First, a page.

Pujara also continued to disappoint as he made 21 and 38 and failed to convert starts. It was a golden opportunity for him as his place is supposedly in danger after the WTC finale. But the game only added to his woes, if anything, given such scores won't give much confidence to the team management. Worst of all, he was stumped in the first innings, which was only the second such instance in his professional career. In the second gig, after starting quickly, he again got out to the spin of Jack Carson, which isn't a good sign as it shows his dwindling confidence with the bat, due to him historically being a beast against spinners, given he averages a whopping 66.3 against them in Tests.
With a ton, KL Rahul makes it hard to ignore him
The world has seen KL Rahul 2.0 in white-all cricket as he finally translated his class into consistent displays for India. And while the likes of Agarwal and Pujara failed to make much of an impression in the warm-up game, Rahul made sure to grab the golden opportunity with both his hands. Playing his first red-ball first-class game since March 2020, the Karnataka batsman batted with confidence and temperament, something he has symbolized in white-ball cricket of late. But, the best part about his century was that it came during a time when India were in a spot at 67-3, with the top-order starting poorly in the first innings.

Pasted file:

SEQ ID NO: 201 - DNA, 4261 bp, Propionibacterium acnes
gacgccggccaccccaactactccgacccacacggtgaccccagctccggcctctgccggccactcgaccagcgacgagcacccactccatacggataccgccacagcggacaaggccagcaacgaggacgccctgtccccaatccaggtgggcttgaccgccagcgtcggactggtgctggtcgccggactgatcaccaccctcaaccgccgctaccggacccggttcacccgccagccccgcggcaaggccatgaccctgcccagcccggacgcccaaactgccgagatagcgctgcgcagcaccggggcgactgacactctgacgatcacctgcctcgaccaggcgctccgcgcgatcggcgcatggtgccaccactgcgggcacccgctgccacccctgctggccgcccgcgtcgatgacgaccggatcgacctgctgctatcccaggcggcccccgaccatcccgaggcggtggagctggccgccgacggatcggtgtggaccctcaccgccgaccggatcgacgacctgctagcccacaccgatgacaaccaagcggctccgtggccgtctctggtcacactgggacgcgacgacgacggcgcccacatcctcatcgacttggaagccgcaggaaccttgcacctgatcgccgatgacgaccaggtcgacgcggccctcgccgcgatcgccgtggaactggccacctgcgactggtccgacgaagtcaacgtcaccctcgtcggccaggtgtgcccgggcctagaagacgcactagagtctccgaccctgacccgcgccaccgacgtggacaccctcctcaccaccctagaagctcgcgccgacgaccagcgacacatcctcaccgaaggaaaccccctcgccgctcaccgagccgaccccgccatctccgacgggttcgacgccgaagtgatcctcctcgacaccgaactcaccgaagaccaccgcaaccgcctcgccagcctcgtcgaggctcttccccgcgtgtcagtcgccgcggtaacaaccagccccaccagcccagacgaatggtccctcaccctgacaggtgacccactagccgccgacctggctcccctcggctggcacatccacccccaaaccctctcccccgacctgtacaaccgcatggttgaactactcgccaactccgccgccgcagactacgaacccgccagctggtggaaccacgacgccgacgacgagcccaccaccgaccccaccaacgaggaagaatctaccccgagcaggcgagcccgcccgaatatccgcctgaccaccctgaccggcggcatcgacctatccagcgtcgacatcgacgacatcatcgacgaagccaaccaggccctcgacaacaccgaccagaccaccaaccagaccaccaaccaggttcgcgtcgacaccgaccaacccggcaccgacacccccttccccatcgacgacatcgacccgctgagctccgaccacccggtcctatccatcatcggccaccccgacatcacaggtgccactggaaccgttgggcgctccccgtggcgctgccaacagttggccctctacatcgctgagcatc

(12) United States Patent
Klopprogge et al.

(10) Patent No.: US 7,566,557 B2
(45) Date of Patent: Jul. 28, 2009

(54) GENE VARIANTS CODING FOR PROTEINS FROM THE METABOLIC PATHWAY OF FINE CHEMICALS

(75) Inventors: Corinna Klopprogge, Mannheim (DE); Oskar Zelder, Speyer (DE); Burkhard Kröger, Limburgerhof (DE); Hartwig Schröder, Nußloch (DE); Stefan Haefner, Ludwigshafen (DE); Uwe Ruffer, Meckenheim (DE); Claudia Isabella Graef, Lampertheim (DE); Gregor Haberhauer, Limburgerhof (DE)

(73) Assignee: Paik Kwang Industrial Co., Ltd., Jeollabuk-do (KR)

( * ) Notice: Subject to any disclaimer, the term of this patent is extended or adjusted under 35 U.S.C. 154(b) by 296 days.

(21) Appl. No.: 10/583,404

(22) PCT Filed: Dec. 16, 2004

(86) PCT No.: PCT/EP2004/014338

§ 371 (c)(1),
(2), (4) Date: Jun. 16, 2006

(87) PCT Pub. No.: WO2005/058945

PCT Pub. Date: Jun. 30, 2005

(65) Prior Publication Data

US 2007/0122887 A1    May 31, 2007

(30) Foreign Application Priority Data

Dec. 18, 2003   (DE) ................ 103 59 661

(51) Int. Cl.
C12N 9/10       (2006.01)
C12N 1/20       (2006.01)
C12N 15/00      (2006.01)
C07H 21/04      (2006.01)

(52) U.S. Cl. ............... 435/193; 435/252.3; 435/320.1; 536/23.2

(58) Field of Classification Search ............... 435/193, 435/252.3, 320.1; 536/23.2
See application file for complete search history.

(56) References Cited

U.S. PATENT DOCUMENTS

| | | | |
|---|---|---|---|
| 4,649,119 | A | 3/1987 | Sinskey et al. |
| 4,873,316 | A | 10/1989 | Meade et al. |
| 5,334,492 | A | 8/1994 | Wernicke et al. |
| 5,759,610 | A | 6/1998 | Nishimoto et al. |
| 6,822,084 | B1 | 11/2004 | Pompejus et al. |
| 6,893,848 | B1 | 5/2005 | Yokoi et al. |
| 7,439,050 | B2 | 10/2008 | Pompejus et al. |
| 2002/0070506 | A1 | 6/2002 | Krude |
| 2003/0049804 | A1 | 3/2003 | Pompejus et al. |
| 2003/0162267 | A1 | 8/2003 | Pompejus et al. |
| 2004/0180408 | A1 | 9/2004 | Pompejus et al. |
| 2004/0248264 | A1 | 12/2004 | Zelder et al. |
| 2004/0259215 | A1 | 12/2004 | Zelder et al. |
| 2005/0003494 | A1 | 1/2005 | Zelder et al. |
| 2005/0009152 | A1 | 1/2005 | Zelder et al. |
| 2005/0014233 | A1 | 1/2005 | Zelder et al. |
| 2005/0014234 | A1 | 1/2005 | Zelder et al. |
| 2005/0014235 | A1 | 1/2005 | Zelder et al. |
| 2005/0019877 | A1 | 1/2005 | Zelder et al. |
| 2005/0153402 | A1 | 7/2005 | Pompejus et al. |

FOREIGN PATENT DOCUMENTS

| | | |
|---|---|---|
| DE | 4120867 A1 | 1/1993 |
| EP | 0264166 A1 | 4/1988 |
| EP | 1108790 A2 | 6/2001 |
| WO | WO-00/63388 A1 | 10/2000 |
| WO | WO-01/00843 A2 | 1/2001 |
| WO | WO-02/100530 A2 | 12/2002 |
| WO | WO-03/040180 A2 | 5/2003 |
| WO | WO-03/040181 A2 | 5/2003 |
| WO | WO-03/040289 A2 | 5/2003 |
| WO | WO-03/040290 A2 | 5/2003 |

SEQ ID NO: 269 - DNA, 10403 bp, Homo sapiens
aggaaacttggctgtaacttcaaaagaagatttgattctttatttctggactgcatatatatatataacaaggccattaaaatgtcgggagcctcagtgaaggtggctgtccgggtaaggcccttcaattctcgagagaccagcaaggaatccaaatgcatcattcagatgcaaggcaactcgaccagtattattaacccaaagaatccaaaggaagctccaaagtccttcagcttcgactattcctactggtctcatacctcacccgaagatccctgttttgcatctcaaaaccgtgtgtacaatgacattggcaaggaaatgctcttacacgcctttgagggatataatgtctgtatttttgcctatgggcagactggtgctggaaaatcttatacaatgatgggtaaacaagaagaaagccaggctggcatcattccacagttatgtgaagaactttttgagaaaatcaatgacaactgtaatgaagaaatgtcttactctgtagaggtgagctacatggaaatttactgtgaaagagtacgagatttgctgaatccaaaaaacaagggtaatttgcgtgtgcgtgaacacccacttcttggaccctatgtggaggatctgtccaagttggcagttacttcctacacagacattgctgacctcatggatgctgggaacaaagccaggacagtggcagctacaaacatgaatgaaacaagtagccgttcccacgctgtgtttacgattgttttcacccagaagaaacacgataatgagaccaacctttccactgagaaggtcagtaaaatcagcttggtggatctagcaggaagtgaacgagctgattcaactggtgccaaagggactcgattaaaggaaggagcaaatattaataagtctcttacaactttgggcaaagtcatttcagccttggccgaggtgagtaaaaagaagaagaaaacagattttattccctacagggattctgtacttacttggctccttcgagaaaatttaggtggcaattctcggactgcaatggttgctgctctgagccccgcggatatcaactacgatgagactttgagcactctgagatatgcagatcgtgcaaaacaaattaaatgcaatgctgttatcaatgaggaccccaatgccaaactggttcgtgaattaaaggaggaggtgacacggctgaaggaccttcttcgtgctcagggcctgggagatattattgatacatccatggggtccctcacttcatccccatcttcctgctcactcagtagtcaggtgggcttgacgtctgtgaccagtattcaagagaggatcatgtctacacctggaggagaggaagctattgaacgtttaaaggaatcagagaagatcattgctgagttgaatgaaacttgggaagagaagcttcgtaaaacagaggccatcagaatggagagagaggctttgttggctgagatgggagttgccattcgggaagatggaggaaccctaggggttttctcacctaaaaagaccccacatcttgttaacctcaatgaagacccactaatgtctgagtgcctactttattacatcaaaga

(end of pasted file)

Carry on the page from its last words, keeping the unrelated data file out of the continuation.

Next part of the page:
Rahul, who had scored a century in his last appearance in a Test in England, and also in the intra-squad game before the WTC finale, continued his fine run in the country, making 101* off 150 deliveries. He was particularly dismissive against spin, using his feet well. But at the same time, he didn't allow pacers to get away with anything short. Rahul's technique also looked very tight. The 29 years old was playing close to his body, the soft hands were at play, and he didn't mind coming on the top of the ball while his footwork remained sleek.
Given Rahul's power-packed performance and an average show from Agarwal and Pujara, there's a strong case to include him in the side for the first Test. It might be as an opener, or at 3, or maybe in place of Ajinkya Rahane if he fails to recover from his fitness concerns, but the flamboyant batsman should play now, if ever in red-ball cricket. Also, it would be better to play either Pujara or Agarwal and not both together on the same side.
Jadeja proving to be a better bet than Vihari as batsman